It is regrettable that the appeals from Anglican Communion bodies for continuing gracious restraint have not been heeded. Following the Los Angeles election in December the archbishop made clear that the outcome of the consent process would have important implications for the communion. The Standing Committee of the Anglican Communion reiterated these concerns in its December resolution which called for the existing moratoria to be upheld. Further consultation will now take place about the implications and consequences of this decision.It may be time for some, including the occupants of Lambath Palace, to recall the heavy handed strategies employed by the House of Bishops, and our Presiding Bishop, to force the Deputies to pass the "existing moratoria."
That particularly unpleasant piece of legislation, known as resolution B033, defined the "existing moratoria" in this manner:
Resolved, that this Convention therefore call upon Standing Committees and bishops with jurisdiction to exercise restraint by not consenting to the consecration of any candidate to the episcopate whose manner of life presents a challenge to the wider church and will lead to further strains on communion.That restraint, gained by the emotional manipulation of the House of Deputies, is the only "existing moratoria" recognized by the Episcopal Church. The Windsor Report is a report, nothing more. Canterbury, the Primates and the ACC are free to make recomendations, but they are not able, under our polity, to define what constitutes appropriate "gracious restraint" nor to establish Communion-wide "moratoria." They do not have that authority.
The "existing moratoria" in TEC, defined by B033, was never the mind of the House of Deputies. It is questionable if it was even the mind of the House of Bishops. Reports of the discussion that led to the Bishops passing it suggests that there was some serious arm twisting being employed by Presiding Bishop Griswold.
The fact that B033 was never representative of the mind of TEC meeting in General Convention in 2006 became quite obvious at the next Convention in 2009, when resolution D025 passed both Houses with very little debate. The relevant section follows:
Resolved, That the 76th General Convention recognize that gay and lesbian persons who are part of such relationships have responded to God's call and have exercised various ministries in and on behalf of God's One, Holy, Catholic and Apostolic Church and are currently doing so in our midst; and be it furtherNow, at the time of the passing of D025, I was in agreement with the opinion that D025 did not change anything; it did not rescind B033. As one example, that opinion was articulted by Bp. Epting:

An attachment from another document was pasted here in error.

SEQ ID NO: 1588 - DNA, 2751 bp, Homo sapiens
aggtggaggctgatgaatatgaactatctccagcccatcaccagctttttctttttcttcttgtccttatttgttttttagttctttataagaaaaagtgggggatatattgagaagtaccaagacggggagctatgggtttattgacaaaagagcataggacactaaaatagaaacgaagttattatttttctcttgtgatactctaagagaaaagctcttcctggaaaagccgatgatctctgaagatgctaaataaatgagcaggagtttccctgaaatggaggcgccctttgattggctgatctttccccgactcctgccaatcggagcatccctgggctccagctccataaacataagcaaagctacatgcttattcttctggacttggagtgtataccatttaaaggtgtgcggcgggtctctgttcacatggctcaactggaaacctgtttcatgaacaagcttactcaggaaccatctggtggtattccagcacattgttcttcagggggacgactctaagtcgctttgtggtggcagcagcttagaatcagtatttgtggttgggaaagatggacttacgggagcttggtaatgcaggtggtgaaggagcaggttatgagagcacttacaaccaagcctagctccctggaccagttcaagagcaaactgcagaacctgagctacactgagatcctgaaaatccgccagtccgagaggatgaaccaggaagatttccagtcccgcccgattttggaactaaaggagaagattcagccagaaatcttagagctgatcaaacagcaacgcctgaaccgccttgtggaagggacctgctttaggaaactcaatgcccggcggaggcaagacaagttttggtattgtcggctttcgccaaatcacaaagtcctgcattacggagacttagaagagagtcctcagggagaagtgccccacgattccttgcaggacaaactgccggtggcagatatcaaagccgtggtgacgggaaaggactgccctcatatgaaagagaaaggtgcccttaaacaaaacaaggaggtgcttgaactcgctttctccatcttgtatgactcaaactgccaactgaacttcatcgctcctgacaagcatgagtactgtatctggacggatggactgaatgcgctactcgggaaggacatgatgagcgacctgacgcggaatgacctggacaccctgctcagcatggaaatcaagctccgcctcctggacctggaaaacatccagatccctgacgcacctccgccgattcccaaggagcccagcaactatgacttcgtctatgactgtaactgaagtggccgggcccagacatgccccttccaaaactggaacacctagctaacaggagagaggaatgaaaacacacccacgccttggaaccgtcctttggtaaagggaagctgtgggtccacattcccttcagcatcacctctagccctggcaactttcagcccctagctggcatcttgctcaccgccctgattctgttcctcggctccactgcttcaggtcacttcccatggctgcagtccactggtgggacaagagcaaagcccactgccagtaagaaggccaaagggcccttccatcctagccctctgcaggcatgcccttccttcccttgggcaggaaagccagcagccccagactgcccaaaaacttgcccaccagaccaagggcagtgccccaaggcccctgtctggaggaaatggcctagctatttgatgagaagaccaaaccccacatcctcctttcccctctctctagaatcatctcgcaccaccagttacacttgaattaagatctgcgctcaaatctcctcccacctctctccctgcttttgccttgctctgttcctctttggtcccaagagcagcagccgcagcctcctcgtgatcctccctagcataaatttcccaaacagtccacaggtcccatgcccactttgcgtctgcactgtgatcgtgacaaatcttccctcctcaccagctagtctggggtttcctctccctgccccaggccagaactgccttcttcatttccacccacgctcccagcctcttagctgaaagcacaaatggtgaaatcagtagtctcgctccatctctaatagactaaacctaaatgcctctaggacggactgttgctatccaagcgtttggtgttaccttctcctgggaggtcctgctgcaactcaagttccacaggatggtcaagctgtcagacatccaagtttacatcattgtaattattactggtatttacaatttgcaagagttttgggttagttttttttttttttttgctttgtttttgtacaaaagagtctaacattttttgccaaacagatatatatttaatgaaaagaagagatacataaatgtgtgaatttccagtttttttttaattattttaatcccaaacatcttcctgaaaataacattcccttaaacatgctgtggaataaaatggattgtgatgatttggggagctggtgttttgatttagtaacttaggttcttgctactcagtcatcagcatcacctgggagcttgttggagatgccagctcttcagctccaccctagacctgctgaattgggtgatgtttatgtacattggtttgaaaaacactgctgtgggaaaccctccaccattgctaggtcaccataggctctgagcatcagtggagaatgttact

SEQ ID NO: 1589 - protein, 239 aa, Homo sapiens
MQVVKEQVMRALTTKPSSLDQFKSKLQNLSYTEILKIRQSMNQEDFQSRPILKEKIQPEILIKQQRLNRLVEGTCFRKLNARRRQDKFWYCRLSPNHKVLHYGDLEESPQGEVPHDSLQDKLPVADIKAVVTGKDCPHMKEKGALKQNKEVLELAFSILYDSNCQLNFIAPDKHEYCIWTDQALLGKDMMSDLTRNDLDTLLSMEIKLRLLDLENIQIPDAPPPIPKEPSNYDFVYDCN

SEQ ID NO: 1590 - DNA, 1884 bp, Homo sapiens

Resolved, That the 76th General Convention affirm that God has called and may call such individuals, to any ordained ministry in The Episcopal Church, and that God's call to the ordained ministry in The Episcopal Church is a mystery which the Church attempts to discern for all people through our discernment processes acting in accordance with the Constitution and Canons of The Episcopal Church...
The Episcopal Church’s House of Bishops’ passage of resolution D025 does not overturn last General Convention’s call for care and “restraint.” That last resolution (B033) was never a “moratorium” on the ordination and consecration of gay and lesbian persons. It counseled care in approving any bishops whose “manner of life” would cause additional strain on the Anglican Communion.I find myself having to rethink some of those assumptions today.
Quite apart from the press’s (including Episcopal News Service) usual misunderstanding of such things, D025 simply re-asserts what has always been true — the ordination process in The Episcopal Church is governed by the Constitution and Canons of this church...
First of all, we have to assume, based on the brief statement released from Lambeth Palace, that in Canterbury's mind, "gracious restraint" is indeed synonymous with "existing moratoria." We can play with the meaning all we want, but it seems clear to most people that the phrase "exercise restraint by not consenting to the consecration of any candidate to the episcopate whose manner of life presents a challenge to the wider church and will lead to further strains on communion" was indeed intended to be a moratorium in regards to the consecration of gay and lesbian persons.
So, D025 was necessary, in order to clearly state that such a reading of B033 was not the mind of the House of Bishops or the House of Deputies. But, as with all resolutions, it is still simply words, open to various interpretations.
That has all changed now. That a majority of Standing Committees and Bishops have given consent to the consecration of Bishop-elect Glasspool will once and for all put to rest any speculation regarding the interpretation of both B033 and D025.
The message from Lambeth concludes with these ominous words:
...Further consultation will now take place about the implications and consequences of this decision...The consequences? How about a church that will not justify bigotry in the name of God? How about a church that strives to be a place for all the baptized? How about a church that seeks to raise up leaders that are clearly called by God, without placing artificial stumbling blocks in their way?
Yes, there will be consequences. Thanks be to God.